The speakers repeatedly highlighted the concept of culture as key to all aspects of innovation.3 Different sectors and technologies have variations in culture that influence everything from how patents are valued to the time it takes to develop a market-ready product. The culture of universities and the role they play can dramatically influence the innovation ecosystem of a region. At the meeting in California, many of the academic participants actually “straddled” the two worlds of academia and industry, and discussed the difficulties they face in trying to start new companies while maintaining their academic careers. Research parks must be carefully tuned to the cultural needs of the people and industries using their resources to be successful.
But many observers have expressed concern that innovation in the United States is faltering as many centralized industrial research laboratories have disappeared and as the manufacturing sector has contracted. At the conclusion of the two workshops, questions still remained as to how best to move forward (see Box 1-1).
2 A list of the speakers from the workshops can be found in Appendix B.
3 According to the Merriam-Webster dictionary culture is “the integrated pattern of human knowledge, belief, and behavior that depends upon the capacity for learning and transmitting knowledge to succeeding generations.”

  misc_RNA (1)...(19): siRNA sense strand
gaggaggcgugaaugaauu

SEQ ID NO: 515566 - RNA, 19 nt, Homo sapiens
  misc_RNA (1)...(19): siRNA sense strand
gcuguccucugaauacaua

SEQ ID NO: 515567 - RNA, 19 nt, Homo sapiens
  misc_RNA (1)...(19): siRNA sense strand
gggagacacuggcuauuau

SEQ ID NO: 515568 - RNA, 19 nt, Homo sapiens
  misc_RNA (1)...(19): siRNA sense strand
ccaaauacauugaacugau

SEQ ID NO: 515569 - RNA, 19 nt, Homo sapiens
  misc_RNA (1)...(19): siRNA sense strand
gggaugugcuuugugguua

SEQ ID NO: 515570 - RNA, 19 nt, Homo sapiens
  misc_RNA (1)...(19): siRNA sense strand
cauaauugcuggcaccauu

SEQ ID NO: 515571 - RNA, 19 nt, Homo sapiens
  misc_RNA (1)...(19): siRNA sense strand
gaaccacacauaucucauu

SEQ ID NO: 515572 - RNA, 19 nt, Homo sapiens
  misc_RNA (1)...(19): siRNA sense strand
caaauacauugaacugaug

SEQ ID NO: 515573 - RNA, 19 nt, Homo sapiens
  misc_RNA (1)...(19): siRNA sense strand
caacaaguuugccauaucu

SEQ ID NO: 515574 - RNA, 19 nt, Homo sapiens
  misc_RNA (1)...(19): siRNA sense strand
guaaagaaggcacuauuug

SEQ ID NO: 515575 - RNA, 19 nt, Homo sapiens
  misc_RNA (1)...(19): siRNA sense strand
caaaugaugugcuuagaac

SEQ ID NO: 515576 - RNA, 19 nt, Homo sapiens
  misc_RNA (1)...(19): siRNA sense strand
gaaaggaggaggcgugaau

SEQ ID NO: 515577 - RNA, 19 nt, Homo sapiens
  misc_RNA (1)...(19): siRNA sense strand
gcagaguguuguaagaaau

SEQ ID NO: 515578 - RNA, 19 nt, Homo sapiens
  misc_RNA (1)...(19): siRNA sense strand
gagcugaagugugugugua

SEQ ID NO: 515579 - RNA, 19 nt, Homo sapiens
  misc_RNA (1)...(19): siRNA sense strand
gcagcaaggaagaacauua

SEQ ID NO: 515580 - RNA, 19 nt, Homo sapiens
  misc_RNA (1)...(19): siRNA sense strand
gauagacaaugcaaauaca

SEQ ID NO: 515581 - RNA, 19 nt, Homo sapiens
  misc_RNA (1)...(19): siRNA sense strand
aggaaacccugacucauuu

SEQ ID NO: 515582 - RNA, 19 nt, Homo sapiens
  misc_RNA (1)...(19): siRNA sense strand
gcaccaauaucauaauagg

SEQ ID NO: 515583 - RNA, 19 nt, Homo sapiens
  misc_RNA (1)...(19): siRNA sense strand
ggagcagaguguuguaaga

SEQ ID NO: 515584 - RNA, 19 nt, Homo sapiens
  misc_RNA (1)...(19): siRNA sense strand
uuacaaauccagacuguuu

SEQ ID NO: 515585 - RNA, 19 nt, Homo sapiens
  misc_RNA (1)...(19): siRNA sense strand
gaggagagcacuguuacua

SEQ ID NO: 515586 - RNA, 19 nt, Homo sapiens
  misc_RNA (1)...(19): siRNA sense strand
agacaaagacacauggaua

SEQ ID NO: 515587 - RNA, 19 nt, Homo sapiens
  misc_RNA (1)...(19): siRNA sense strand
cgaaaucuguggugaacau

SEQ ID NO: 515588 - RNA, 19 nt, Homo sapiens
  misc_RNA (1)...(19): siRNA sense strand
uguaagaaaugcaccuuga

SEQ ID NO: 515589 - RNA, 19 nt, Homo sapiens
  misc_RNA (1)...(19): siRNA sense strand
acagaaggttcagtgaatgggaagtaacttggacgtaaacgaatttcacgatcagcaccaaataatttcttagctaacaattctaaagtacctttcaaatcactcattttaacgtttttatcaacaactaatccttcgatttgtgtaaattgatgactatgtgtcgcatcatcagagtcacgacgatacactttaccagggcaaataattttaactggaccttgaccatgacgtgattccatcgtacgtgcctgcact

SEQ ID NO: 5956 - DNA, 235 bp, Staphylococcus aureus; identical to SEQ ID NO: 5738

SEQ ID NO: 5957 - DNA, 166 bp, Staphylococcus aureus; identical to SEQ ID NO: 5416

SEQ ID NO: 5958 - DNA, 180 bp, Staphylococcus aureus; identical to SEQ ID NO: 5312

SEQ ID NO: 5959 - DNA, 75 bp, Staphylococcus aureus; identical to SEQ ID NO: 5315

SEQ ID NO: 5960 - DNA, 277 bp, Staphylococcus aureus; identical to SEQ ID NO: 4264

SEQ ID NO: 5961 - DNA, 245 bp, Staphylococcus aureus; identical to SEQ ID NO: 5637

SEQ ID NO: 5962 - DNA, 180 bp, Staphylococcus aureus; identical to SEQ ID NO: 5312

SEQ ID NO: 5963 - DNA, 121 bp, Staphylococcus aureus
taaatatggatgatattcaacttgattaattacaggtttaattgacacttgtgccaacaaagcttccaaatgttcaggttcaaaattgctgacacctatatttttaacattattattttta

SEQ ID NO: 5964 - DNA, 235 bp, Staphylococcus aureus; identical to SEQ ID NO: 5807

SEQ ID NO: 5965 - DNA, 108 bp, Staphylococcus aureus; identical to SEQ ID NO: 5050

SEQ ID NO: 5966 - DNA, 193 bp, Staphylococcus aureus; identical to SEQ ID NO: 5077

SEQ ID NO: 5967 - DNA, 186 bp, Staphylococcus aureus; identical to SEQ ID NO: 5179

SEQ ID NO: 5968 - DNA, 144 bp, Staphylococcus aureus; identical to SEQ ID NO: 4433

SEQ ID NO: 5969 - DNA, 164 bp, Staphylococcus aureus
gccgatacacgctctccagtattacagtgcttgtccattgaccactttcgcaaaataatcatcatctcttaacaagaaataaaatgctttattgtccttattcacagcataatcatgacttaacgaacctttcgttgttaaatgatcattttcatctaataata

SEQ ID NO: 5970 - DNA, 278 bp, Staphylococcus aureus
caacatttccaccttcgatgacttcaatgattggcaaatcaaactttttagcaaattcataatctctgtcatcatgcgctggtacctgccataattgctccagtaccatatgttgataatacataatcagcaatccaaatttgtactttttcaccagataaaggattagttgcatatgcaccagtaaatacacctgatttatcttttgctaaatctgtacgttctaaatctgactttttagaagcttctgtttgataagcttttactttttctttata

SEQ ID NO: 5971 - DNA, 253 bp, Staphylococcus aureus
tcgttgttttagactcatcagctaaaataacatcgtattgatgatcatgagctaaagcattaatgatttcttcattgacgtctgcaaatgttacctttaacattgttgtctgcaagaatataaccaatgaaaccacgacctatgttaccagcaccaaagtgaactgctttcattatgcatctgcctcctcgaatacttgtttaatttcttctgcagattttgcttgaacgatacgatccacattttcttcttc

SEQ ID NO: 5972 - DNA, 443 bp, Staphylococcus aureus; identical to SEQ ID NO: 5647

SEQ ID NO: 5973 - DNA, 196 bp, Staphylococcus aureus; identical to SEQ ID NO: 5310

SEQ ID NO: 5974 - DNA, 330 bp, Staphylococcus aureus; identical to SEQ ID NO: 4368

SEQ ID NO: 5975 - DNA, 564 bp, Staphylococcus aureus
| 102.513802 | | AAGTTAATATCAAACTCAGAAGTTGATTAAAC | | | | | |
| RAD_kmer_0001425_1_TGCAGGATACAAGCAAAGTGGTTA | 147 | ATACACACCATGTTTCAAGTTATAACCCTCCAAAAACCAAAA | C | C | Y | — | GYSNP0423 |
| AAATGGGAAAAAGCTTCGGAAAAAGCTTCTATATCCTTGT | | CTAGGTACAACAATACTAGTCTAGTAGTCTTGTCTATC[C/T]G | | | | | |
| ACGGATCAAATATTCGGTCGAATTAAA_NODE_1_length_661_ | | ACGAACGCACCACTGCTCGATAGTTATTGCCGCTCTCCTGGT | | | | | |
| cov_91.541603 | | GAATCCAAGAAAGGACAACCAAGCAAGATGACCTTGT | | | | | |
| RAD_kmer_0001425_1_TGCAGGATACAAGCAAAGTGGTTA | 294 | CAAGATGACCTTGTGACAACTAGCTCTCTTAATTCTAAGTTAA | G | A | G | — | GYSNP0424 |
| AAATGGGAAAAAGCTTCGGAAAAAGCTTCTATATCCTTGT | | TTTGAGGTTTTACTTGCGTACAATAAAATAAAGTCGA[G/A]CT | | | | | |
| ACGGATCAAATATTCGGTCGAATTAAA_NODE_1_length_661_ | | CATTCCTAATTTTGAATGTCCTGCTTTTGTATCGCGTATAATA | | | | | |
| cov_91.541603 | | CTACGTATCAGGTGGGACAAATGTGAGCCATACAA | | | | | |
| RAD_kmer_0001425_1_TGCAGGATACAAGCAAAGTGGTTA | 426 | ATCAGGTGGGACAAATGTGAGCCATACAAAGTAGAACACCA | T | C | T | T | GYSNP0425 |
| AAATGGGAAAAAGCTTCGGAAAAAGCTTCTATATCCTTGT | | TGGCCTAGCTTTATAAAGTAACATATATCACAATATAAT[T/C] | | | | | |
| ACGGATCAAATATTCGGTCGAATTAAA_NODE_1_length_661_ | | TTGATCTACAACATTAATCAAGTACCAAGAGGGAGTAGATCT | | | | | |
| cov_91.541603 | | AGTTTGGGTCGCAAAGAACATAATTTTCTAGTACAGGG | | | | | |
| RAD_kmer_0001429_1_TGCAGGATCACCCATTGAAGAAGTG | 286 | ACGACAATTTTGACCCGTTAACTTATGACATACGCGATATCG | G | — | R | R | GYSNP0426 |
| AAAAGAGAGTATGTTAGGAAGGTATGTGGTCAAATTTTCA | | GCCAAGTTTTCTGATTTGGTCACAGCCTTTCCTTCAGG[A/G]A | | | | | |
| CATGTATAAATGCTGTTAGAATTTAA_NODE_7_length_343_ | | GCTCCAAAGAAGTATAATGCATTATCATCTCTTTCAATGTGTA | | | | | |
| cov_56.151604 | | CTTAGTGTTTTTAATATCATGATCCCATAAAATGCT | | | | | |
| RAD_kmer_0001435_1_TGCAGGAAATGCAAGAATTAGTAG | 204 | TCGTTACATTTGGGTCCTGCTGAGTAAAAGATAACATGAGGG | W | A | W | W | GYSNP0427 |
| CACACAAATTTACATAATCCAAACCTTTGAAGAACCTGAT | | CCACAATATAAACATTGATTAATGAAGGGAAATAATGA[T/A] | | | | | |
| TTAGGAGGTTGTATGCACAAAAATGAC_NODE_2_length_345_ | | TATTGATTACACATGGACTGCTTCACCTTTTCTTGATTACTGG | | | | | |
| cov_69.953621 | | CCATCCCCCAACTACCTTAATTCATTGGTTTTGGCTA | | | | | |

Questions to Answer
• Is innovation getting harder?
• Is there a need to reexamine the intellectual property arrangement for basic research results?
• How should the national benefits of private sector enterprises be defined?
• How can the benefits of innovation in a region or country be retained?
• Is it feasible or desirable for the United States to mirror other countries’ policies on subsidizing industries through direct financial support or regulatory collaboration?
• How will new immigration policies affect high-skill labor markets and the innovation ecosystem?
• What is the appropriate role of federal and state regulations and funding?
This summary of the presentations and discussions from the workshops organizes the discussion thematically. Chapter 2 examines the general principles that underlie university-based innovation, including the importance of people, culture, and experience as discussed during the February workshop. Chapter 3 considers the differences among industrial sectors and among technologies to explore the factors that contribute to successful innovation. Chapter 4 looks specifically at the roles of universities in preparing students, transferring technology to industry, and enabling faculty members to engage in entrepreneurial activities. Chapter 5 discusses the role of research parks, the variation that exists in their structures, and the importance of localization and adaptability to parks specifically and innovation in general. Chapter 6 asks how public policies in such areas as regulation, taxation, research funding, and immigration could reinvigorate university-based innovation in the United States.
The report has been prepared by the workshop rapporteurs as a factual summary of what occurred at the workshops. The planning committee’s role was limited to planning and convening the workshops. The views contained in the report are those of individual workshop participants and do not necessarily represent the views of all workshop participants, the planning committee, or the National Research Council.